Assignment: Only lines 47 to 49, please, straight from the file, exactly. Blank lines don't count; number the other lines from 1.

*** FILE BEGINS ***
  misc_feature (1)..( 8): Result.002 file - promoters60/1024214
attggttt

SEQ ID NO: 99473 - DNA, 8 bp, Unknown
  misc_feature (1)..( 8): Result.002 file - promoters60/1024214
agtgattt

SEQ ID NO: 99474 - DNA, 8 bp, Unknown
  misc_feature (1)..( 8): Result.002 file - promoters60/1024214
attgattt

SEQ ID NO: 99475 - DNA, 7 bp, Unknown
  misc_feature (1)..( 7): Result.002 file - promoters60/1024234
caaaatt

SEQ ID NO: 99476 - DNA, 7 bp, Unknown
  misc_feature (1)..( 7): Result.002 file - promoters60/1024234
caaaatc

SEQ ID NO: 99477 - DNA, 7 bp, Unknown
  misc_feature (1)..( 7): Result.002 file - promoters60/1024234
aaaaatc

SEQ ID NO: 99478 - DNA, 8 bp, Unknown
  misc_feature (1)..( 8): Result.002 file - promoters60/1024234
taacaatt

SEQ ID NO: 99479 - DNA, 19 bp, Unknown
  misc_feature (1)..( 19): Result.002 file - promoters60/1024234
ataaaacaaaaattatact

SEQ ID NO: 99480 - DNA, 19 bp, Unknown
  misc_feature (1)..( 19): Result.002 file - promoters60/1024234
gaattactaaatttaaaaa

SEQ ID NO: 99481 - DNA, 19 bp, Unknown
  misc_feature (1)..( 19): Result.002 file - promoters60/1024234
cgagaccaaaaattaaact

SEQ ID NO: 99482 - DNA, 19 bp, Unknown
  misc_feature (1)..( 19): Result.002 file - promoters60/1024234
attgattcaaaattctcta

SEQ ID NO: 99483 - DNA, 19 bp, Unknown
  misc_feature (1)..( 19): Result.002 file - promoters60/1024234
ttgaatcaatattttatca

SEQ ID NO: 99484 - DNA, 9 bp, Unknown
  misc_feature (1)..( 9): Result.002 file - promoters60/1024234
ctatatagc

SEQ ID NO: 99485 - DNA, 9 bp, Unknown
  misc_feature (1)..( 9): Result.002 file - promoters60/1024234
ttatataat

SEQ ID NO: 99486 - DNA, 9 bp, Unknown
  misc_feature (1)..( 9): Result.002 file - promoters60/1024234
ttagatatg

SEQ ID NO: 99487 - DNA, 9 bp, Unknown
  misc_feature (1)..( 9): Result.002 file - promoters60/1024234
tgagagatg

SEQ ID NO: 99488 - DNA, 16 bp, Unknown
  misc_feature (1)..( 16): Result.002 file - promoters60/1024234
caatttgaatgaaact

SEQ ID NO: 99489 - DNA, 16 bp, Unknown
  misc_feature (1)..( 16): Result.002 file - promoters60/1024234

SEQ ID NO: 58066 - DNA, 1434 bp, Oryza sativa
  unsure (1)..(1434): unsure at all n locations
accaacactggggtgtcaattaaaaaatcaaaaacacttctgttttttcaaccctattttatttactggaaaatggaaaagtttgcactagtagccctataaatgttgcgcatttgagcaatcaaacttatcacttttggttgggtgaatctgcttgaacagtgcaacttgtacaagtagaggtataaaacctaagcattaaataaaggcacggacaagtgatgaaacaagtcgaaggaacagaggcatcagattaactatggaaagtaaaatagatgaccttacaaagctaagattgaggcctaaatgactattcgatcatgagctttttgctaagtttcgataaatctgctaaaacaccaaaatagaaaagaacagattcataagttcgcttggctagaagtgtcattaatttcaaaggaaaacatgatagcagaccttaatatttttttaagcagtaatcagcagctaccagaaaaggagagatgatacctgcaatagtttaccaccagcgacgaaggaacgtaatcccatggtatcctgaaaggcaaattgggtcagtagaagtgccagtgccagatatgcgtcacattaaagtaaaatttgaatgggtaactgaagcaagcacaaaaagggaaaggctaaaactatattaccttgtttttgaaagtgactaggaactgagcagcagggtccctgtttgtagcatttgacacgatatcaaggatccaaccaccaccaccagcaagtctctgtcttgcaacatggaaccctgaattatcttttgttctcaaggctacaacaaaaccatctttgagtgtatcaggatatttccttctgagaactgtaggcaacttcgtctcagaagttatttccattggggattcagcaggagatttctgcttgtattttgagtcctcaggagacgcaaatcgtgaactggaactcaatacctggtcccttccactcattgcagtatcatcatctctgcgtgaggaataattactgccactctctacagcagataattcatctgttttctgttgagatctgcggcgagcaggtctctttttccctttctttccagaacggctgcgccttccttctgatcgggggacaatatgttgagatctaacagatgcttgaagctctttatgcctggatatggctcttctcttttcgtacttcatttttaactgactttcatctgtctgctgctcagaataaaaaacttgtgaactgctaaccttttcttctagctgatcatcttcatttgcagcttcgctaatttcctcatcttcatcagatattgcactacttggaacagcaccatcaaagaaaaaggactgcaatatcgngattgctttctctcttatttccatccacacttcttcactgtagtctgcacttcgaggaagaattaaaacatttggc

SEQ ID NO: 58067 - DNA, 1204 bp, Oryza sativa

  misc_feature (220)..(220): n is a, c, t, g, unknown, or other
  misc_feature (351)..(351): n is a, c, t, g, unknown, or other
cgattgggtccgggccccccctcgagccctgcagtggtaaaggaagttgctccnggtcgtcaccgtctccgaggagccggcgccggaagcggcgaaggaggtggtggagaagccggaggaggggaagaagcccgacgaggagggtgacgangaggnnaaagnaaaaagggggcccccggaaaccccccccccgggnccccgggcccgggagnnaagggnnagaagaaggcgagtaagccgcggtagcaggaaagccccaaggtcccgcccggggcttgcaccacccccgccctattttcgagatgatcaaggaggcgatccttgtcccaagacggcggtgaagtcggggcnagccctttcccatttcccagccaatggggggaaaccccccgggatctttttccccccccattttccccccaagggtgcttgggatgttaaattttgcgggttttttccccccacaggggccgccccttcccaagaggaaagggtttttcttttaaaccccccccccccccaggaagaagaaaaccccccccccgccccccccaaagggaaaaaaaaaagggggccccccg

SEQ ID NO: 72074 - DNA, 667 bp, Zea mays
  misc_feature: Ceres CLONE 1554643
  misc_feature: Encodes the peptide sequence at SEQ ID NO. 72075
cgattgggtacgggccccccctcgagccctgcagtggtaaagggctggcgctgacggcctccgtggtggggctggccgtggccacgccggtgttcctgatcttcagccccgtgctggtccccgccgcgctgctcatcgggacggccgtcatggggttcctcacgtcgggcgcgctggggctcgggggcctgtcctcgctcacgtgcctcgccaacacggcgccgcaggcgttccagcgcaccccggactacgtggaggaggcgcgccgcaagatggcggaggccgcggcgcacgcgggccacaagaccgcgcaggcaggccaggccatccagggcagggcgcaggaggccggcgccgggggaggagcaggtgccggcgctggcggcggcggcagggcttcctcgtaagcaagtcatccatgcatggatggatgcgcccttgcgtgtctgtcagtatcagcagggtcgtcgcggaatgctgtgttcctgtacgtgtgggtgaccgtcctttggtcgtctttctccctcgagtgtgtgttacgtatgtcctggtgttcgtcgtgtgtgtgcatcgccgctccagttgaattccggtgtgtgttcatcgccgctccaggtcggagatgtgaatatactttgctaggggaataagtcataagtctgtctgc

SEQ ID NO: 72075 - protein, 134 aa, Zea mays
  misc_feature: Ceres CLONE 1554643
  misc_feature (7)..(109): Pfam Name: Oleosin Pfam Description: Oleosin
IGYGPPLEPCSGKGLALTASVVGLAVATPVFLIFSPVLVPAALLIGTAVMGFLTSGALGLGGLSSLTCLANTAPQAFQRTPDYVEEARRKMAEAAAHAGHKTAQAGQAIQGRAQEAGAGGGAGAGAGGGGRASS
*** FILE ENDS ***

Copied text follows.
tgagagatg

SEQ ID NO: 99488 - DNA, 16 bp, Unknown
  misc_feature (1)..( 16): Result.002 file - promoters60/1024234